bootstrap_v_foundation

UI Cage Match: Bootstrap 2.2.1 vs. Foundation 3.2

by Ezequiel Bruni · Nov 22, 2012 · 33 comments

About the author

Ezequiel Bruni

Ezequiel Bruni is a web/UX designer, blogger, and aspiring photographer living in Mexico. When he's not building websites & apps, or ranting about them, he indulges in beer, pizza, fantasy novels, and stand-up comedy.

33 Comments to “UI Cage Match: Bootstrap 2.2.1 vs. Foundation 3.2”

  • Emiel says:

    Nice overview and comparison, tnx! And as often the case I guess, there’s no ‘right’ or ‘wrong’ answer to this. Personally I’ve found myself combining different parts of different frameworks to create my own little masterpiece :-) For instance I really like the bootstrap grid, navbar features and responsiveness (really can’t relate to your issues with going mobile with bootstrap :-)). At the same time I’m a huge fan of the really, really clean and well commented code of the beautiful bones framework, a wordpress ‘theme’ build around html5 boilerplate and ‘mobile first’ approach. I’ve also been playing around with foundation 3, Less Framework 4, Skeleton and ’320 and up. But I generally stick to the first two, also because I prefer working with Less :-)

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    November 22nd, 2012 at 9:38 pm · Reply
    • Ezequiel Bruni says:

      I know, right? There’s something that just feels right about LESS syntax.

      I’ve also used Skeleton in the past, but I was never a big fan of LESS Framework. Well, back when I was checking it out, the default grid used ten columns, and I’ve never found a use for a ten-column grid until I redesigned my own personal site, recently.

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      November 22nd, 2012 at 10:33 pm · Reply
    • Ezequiel Bruni says:

      Also, regarding my usability problems with Bootstrap at mobile sizes, I was specifically referring to what happened when I put a form in a drop-down. Maybe I should express that more clearly.

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      November 23rd, 2012 at 4:41 pm · Reply
  • Fernando says:

    Hello, first off congratulations for the post! very good stuff.
    I use a very lightweight micro framework, called responsiveAeon (www.newaeonweb.com.br/responsiveaeon) also build with Less for presentation and a grid based on 1200px.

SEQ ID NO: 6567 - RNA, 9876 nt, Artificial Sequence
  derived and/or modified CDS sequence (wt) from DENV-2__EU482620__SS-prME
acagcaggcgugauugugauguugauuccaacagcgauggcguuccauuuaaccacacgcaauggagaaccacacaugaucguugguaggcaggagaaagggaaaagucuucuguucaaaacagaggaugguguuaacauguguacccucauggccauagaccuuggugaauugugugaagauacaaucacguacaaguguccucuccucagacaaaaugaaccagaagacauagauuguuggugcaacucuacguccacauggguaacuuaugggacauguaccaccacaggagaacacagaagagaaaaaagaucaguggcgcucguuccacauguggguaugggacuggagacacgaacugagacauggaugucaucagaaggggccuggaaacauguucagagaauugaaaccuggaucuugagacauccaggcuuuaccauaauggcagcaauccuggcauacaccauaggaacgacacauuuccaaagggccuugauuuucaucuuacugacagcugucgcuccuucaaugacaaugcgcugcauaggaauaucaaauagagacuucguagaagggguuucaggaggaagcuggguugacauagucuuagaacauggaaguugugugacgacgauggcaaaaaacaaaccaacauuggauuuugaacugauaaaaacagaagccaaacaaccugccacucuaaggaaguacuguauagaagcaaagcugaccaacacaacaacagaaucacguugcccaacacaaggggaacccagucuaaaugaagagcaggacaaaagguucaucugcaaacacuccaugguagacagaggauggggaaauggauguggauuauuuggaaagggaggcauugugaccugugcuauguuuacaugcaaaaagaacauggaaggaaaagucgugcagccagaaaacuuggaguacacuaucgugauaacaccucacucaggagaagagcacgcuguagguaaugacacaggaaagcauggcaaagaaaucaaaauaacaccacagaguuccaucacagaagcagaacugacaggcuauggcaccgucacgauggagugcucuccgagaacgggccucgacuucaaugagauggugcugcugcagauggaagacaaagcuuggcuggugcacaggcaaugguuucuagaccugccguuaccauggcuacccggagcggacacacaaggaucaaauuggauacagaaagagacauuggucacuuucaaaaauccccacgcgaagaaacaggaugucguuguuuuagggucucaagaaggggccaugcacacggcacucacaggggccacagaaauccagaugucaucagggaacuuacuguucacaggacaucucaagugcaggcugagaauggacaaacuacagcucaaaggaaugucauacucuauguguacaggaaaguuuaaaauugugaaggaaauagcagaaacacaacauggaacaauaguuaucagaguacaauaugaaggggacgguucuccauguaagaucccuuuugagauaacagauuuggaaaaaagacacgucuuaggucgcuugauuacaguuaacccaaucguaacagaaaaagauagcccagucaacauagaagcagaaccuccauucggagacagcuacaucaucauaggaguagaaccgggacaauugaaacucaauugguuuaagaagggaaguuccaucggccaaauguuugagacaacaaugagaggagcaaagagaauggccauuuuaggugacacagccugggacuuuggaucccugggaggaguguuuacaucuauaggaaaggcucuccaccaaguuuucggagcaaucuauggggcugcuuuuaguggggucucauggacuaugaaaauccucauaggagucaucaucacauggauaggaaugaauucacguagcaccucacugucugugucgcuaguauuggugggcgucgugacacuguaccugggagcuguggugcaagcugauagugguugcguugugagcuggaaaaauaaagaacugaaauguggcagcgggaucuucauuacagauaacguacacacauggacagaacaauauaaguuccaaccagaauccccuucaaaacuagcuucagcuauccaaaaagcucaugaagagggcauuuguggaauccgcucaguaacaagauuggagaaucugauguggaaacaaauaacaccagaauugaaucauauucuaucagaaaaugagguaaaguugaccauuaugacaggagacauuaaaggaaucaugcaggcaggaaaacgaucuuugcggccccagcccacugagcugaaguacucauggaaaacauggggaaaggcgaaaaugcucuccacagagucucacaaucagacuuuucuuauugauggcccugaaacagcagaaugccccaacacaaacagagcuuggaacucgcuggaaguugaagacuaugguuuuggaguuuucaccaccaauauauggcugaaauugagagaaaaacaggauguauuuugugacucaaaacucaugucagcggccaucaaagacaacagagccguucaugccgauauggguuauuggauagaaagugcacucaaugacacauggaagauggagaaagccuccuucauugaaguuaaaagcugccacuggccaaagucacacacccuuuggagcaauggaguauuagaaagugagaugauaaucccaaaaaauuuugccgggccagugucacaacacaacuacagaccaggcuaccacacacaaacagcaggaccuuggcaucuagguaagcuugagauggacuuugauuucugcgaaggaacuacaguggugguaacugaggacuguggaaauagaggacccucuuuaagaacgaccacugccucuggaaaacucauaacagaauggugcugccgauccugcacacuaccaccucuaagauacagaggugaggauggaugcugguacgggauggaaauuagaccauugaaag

From the above i preffer foundation for the fast learning curve, but bootstrap is very powerfull too.

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    November 23rd, 2012 at 2:02 am · Reply
    • Ezequiel Bruni says:

      Thanks. I’ll take a look at responsiveAeon, as I’ve never heard of it before. Always looking for something new to experiment with.

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      November 23rd, 2012 at 4:41 pm · Reply
  • Ramón Ramos says:

    Whoa, I’m really looking forward to learn web development. Do you know if these programs work with Frontpage?

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    November 25th, 2012 at 8:23 pm · Reply
    • Ezequiel Bruni says:

      Please, nobody kill Ramón. He’s a friend of mine and this is his idea of a joke.

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      November 25th, 2012 at 8:31 pm · Reply
      • Wasim says:

        Oops.. just voted down.

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        November 27th, 2012 at 6:32 pm · Reply
      • Rod says:

        I lol’d…

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        March 22nd, 2013 at 8:33 pm · Reply
      • gaetane says:

        Oh… does that mean they don’t work with Frontpage?

        ^_^

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        June 15th, 2013 at 11:18 pm · Reply
  • Simon Taggart says:

    Nice article, one point I would make though regarding the weight of the two frameworks, I’ve noticed with foundation 2 things that don’t help it’s cause. Firstly the version of Jquery used on Foundation is the un minified version, about 186kb large than the version on your bootstrap demo.

    Secondly, and I’ve raised this with Zurb, the foundation.min.js file, actually contains a minified version of jQuery and modernizr again, duplicating both libraries on the page. That’s a fair extra bit of weight.

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    November 30th, 2012 at 5:12 am · Reply
    • Ezequiel Bruni says:

      Hey, thanks for clarifying that. It’s good to know exactly why Foundation is heavier.

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      January 18th, 2013 at 2:54 am · Reply
  • melanke says:

    Well, I dont get why people need bootstrap or foundation. You only need to learn how to use css float property